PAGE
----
OLYMPIA – State legislators have approved a final supplemental budget for the upcoming fiscal year, which includes new investments expanding higher education access and options for Kitsap County residents, including a big increase in funding for state financial aid.
“Today’s financial aid boost will help thousands of Washington families afford college, whether that’s a 50-year-old taking some classes to train for a new job, or someone who just graduated from high school and wants to pursue their dream of a college education,” said Rep. Drew Hansen, D-Bainbridge Island, who chairs the House Higher Education committee and has strongly advocated for full funding of student financial aid.
Over the next year, an additional 4600 students statewide who would otherwise need to incur debt or forgo attending college due to lack of funds will be able to access the State Need Grant (SNG), Washington’s principal financial aid program. The total supplemental budget assumes that the SNG will be fully funded over a four-year period, providing opportunities for all eligible students to receive financial aid.
The final budget also allocates a total of $700,000 for creation and implementation of an early childhood education degree program at the Western on the Peninsulas campus, in collaboration with Olympic College. The program is expected to grant approximately 75 bachelor’s degrees per year in early childhood education when it is fully underway.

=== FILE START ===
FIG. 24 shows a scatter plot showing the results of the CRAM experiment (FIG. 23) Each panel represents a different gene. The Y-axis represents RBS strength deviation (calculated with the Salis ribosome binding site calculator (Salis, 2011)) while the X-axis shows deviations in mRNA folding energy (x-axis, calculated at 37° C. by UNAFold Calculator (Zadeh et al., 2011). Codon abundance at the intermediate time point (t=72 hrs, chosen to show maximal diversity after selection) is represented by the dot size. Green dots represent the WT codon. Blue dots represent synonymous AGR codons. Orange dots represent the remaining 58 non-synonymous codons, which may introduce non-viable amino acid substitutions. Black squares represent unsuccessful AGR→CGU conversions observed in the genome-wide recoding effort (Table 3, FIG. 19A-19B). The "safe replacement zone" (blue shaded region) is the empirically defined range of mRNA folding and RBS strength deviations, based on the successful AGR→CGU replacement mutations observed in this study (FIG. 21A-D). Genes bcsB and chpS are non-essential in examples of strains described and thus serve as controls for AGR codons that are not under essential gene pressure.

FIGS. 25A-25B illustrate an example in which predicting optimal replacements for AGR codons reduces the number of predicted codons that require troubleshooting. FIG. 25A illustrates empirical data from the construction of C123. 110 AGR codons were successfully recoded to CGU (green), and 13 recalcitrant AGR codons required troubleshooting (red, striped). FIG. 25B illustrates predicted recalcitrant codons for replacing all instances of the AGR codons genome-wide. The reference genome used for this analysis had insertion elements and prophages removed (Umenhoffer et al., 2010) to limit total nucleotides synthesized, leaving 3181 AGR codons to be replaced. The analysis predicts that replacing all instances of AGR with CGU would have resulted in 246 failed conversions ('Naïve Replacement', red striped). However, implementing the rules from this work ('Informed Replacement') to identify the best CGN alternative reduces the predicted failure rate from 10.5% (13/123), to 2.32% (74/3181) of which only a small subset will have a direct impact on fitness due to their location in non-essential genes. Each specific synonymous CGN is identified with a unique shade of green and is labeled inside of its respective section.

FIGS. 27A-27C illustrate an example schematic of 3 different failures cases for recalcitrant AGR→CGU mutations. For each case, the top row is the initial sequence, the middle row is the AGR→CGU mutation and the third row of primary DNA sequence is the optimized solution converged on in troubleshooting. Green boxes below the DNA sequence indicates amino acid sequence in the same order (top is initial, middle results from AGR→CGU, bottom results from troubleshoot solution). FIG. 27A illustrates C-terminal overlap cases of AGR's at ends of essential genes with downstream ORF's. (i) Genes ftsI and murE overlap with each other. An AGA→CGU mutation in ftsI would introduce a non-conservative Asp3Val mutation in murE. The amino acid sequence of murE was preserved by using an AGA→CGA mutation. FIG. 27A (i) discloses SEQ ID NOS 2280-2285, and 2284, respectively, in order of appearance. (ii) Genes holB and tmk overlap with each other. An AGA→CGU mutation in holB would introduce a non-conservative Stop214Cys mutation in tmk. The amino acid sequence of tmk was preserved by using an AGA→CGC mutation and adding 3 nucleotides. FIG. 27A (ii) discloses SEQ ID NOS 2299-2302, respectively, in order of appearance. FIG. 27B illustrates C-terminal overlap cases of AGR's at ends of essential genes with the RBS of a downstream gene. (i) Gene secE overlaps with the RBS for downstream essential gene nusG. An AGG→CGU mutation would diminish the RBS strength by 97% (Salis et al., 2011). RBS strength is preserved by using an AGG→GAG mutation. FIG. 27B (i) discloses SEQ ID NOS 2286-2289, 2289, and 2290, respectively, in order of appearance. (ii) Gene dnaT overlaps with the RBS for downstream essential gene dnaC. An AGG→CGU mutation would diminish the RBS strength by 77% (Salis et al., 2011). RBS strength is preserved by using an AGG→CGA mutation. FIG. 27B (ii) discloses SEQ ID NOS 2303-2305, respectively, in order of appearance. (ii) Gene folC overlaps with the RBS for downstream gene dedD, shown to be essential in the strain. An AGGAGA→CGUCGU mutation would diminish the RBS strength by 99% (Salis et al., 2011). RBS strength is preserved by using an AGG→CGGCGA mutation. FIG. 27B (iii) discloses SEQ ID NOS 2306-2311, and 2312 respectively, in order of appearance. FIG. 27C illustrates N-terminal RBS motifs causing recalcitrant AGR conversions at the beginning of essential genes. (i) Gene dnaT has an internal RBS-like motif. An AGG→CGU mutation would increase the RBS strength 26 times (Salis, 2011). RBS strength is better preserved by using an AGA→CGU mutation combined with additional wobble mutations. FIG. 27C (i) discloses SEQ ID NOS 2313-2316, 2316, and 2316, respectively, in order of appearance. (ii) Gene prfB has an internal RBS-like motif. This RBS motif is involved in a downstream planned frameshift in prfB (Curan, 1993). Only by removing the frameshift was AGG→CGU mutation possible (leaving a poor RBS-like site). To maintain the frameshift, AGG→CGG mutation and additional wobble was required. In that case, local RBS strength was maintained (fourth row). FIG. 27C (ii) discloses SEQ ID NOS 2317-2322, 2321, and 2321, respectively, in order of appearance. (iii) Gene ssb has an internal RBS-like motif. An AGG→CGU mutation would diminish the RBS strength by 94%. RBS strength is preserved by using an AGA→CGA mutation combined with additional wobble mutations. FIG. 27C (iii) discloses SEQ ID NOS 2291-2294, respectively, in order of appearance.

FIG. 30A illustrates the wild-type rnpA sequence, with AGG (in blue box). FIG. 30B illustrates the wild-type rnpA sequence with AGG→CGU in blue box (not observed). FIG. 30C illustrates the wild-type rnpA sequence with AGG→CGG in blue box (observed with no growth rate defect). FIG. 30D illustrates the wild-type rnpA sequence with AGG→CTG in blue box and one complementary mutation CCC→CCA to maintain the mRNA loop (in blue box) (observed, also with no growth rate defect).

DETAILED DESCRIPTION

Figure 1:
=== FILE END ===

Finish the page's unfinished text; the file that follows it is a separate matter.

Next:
“This new early childhood education degree complements the degrees in engineering and cybersecurity that we’ve brought to Kitsap County over the last several years,” Hansen said. “Now, whether you’re good with computers, good at solving mechanical problems, or good with kids, we have a college degree available to you so you can get a decent job and support your family.”
Shannon Turner, student body president at Olympic College, hailed the new degree program as providing more opportunities for the area.
“I have talked to the students and community members, and they look forward to more opportunities to receive other bachelor degrees within the partnership with Western Washington University. More educational opportunities means higher enrollment and the ability for students to maintain their livelihoods without much interruption. Being able to achieve their degrees allows them to help build a better and stronger workforce in Kitsap County,” Turner said.
Additional higher education options may be on the horizon for the region. The supplemental state budget provides one-time funding for a feasibility study to explore Western Washington University’s creation of a four-year degree granting campus on the Kitsap or Olympic Peninsula. The University must submit a report on the findings of the study to the Governor and appropriate committees of the Legislature by December of this year.
With approval of the budget by both House and Senate, it now goes to the governor’s desk for signature.